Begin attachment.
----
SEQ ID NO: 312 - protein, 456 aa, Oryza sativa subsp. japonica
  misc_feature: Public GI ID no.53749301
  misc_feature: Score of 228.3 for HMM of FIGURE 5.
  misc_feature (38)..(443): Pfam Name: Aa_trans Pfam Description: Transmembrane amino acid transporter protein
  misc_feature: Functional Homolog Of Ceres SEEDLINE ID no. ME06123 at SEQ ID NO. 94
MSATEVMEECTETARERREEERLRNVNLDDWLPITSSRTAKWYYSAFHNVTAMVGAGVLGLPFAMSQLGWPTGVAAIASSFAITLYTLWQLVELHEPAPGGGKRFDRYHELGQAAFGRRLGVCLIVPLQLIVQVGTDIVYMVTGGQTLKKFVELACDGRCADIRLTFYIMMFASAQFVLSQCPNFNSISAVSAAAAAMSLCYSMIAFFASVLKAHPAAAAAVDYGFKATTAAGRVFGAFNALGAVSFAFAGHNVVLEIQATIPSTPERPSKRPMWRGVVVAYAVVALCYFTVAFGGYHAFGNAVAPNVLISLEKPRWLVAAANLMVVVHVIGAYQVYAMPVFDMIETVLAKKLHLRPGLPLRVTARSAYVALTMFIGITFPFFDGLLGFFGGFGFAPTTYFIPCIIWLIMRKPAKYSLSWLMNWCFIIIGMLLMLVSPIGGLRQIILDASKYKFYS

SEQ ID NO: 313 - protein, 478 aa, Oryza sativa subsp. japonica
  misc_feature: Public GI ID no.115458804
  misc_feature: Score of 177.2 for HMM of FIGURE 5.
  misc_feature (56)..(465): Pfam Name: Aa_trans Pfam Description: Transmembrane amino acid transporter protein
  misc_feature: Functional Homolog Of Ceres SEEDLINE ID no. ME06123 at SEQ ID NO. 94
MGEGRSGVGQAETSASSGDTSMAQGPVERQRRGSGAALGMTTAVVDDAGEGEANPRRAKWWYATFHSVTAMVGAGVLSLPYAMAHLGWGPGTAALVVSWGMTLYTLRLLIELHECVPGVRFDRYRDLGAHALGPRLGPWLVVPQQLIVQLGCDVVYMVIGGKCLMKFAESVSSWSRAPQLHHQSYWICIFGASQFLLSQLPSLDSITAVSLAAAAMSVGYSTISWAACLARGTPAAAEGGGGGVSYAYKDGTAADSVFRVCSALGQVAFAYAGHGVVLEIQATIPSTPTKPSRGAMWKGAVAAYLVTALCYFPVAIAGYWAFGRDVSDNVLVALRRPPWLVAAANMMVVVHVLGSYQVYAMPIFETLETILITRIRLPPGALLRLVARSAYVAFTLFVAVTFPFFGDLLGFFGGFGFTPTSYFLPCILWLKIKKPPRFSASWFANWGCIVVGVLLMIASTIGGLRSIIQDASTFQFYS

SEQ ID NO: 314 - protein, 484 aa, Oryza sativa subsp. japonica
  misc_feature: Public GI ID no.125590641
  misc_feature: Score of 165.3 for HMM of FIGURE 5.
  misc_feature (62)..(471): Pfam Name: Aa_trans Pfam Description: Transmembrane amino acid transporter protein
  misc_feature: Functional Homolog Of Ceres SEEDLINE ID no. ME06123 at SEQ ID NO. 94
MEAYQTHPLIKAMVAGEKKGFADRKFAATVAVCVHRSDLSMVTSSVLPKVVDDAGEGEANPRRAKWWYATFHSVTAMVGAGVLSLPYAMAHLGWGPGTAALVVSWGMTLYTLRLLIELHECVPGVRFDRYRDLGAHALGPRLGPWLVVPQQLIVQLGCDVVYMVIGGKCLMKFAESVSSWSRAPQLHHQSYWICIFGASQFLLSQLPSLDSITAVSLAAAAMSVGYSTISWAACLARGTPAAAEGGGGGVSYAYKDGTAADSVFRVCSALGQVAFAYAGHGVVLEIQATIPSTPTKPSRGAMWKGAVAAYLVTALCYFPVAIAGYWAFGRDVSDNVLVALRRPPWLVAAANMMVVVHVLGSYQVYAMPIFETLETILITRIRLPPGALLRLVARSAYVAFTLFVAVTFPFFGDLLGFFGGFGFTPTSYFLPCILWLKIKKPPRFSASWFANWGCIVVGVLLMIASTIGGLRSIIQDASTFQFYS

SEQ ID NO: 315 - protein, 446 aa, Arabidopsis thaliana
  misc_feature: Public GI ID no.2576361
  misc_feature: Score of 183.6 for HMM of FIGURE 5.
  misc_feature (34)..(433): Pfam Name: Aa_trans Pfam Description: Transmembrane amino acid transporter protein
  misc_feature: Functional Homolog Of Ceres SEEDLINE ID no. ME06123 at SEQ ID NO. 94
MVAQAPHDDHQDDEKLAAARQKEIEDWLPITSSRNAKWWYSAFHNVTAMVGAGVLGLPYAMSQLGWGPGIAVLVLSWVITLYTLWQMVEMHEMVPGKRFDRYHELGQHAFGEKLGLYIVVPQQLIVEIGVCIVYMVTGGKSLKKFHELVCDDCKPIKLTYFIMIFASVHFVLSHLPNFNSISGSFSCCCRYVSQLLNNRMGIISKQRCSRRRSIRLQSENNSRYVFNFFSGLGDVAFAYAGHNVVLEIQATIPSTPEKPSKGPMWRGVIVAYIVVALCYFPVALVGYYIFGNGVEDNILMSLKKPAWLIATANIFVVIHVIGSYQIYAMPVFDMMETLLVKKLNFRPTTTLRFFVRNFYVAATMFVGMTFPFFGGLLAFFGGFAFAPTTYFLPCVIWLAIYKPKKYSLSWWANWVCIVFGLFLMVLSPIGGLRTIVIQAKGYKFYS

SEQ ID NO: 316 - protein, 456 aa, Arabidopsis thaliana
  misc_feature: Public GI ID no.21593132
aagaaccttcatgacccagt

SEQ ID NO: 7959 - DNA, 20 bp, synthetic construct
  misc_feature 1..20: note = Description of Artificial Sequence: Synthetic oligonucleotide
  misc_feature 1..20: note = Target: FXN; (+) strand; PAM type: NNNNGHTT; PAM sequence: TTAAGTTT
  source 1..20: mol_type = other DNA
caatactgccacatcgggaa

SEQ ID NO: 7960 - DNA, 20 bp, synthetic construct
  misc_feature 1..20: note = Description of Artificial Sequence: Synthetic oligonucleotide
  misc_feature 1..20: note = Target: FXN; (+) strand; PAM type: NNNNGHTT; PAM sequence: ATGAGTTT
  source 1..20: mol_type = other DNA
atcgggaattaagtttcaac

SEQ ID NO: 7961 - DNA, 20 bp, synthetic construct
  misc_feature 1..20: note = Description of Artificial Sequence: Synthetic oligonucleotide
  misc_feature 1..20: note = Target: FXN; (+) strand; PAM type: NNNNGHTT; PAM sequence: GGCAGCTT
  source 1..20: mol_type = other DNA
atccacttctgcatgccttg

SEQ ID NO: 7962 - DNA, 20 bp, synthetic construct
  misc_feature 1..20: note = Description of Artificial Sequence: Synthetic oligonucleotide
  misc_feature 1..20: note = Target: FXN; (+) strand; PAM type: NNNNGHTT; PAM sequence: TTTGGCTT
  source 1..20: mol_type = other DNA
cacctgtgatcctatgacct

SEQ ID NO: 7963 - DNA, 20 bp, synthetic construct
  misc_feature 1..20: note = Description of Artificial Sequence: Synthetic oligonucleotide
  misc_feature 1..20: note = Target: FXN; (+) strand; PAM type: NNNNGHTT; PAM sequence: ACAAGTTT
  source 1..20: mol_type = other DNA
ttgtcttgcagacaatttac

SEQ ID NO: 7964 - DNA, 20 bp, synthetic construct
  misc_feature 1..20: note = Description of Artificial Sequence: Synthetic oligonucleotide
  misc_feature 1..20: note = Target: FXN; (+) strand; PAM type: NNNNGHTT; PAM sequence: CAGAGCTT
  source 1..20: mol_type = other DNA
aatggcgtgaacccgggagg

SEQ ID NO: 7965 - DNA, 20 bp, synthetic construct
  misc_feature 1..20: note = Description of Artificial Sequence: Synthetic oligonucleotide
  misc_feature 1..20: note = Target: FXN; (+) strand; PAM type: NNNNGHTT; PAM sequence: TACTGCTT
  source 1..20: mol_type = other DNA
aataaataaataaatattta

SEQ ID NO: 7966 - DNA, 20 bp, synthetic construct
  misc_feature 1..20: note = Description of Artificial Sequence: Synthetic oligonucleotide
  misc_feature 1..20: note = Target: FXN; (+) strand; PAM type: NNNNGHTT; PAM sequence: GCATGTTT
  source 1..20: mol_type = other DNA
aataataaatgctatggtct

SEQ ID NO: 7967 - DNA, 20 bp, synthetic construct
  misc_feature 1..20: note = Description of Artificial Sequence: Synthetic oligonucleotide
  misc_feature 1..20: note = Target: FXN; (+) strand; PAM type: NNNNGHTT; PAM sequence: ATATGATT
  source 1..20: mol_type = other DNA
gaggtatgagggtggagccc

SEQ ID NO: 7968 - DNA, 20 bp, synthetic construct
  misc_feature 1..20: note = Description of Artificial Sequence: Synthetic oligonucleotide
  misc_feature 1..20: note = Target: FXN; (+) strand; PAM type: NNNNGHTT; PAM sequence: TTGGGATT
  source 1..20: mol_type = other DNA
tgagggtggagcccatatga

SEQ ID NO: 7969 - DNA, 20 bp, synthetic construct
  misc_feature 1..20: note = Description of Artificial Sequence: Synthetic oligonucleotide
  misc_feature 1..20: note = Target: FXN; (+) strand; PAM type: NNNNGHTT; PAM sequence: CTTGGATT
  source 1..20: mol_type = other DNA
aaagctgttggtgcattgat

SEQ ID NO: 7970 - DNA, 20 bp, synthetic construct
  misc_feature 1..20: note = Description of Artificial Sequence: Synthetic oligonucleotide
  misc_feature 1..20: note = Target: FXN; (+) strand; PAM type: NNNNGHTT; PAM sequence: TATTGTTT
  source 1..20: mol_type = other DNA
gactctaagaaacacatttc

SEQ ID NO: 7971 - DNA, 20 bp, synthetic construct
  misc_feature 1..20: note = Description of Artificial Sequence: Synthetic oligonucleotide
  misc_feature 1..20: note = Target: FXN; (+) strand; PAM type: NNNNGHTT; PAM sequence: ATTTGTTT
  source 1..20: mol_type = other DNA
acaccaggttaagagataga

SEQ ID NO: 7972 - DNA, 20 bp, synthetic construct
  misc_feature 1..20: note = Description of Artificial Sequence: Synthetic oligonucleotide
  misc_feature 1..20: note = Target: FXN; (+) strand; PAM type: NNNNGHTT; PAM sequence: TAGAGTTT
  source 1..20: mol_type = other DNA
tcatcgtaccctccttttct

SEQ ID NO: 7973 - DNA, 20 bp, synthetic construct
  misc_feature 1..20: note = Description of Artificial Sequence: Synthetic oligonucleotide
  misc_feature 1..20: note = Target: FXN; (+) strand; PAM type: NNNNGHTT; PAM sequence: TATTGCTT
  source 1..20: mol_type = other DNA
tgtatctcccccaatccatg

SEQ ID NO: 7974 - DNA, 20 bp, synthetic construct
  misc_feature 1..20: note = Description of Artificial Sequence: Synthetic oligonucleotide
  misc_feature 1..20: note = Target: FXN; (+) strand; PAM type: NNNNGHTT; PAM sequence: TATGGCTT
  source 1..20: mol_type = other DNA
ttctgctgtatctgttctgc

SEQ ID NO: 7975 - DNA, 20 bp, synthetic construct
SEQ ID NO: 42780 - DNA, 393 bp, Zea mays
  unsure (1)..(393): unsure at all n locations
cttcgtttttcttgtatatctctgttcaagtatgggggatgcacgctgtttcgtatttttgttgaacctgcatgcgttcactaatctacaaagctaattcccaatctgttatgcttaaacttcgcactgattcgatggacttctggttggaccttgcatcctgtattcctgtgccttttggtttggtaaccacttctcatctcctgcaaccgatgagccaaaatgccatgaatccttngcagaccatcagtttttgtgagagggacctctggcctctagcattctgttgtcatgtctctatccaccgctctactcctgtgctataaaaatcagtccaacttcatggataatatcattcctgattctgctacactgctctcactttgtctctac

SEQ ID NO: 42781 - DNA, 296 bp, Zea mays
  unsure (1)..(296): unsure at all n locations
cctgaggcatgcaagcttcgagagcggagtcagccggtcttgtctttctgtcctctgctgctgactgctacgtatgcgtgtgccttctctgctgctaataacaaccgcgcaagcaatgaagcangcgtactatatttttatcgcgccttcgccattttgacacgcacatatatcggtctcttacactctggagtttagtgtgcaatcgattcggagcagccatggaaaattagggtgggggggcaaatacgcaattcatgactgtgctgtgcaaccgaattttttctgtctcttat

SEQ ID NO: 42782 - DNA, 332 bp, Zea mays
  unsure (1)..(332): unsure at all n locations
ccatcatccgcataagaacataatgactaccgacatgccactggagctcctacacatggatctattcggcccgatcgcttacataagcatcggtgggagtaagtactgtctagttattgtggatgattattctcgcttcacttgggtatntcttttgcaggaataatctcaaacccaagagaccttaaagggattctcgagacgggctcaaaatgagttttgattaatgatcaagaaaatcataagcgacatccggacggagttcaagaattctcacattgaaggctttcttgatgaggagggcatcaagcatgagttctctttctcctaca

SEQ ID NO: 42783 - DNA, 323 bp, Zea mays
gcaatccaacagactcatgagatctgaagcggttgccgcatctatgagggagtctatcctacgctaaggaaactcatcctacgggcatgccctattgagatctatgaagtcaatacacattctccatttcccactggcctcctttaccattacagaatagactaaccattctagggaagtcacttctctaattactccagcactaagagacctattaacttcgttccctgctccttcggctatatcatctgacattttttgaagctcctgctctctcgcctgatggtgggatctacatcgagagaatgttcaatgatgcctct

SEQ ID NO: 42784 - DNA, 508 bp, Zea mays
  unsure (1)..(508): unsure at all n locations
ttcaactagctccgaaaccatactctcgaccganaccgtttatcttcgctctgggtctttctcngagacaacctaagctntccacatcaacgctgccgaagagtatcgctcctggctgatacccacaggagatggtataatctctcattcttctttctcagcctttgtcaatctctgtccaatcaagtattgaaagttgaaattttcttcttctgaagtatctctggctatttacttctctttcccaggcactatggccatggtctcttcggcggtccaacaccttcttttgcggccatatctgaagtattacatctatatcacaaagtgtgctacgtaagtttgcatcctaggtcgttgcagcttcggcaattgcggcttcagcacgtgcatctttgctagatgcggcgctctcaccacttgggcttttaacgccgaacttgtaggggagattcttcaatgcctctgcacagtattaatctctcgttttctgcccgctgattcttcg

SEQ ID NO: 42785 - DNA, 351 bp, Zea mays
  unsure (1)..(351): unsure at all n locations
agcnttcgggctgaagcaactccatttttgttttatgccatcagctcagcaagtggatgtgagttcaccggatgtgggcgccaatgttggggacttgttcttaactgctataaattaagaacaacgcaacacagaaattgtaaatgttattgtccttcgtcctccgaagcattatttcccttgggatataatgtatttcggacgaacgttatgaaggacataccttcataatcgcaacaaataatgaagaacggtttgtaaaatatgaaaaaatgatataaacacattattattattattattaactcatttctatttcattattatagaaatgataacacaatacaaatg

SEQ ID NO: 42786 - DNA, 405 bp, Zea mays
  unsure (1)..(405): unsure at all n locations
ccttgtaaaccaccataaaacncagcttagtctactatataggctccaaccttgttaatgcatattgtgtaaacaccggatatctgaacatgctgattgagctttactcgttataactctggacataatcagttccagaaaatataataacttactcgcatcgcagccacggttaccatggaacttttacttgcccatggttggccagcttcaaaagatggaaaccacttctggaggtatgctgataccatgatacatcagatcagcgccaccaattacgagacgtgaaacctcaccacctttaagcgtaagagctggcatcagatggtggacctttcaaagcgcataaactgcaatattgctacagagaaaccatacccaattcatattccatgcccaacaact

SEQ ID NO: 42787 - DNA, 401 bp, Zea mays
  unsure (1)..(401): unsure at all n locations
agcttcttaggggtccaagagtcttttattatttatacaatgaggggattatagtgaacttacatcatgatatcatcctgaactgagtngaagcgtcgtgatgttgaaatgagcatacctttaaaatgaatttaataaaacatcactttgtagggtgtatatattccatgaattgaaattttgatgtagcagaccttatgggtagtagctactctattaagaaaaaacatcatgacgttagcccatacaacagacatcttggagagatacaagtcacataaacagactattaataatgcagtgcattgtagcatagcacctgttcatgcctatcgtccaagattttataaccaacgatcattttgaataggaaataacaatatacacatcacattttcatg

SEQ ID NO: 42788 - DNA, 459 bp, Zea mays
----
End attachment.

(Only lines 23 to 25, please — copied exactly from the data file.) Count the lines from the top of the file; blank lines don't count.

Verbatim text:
  misc_feature: Functional Homolog Of Ceres SEEDLINE ID no. ME06123 at SEQ ID NO. 94
MVAQAPHDDHQDDEKLAAARQKEIEDWLPITSSRNAKWWYSAFHNVTAMVGAGVLGLPYAMSQLGWGPGIAVLVLSWVITLYTLWQMVEMHEMVPGKRFDRYHELGQHAFGEKLGLYIVVPQQLIVEIGVCIVYMVTGGKSLKKFHELVCDDCKPIKLTYFIMIFASVHFVLSHLPNFNSISGSFSCCCRYVSQLLNNRMGIISKQRCSRRRSIRLQSENNSRYVFNFFSGLGDVAFAYAGHNVVLEIQATIPSTPEKPSKGPMWRGVIVAYIVVALCYFPVALVGYYIFGNGVEDNILMSLKKPAWLIATANIFVVIHVIGSYQIYAMPVFDMMETLLVKKLNFRPTTTLRFFVRNFYVAATMFVGMTFPFFGGLLAFFGGFAFAPTTYFLPCVIWLAIYKPKKYSLSWWANWVCIVFGLFLMVLSPIGGLRTIVIQAKGYKFYS

SEQ ID NO: 316 - protein, 456 aa, Arabidopsis thaliana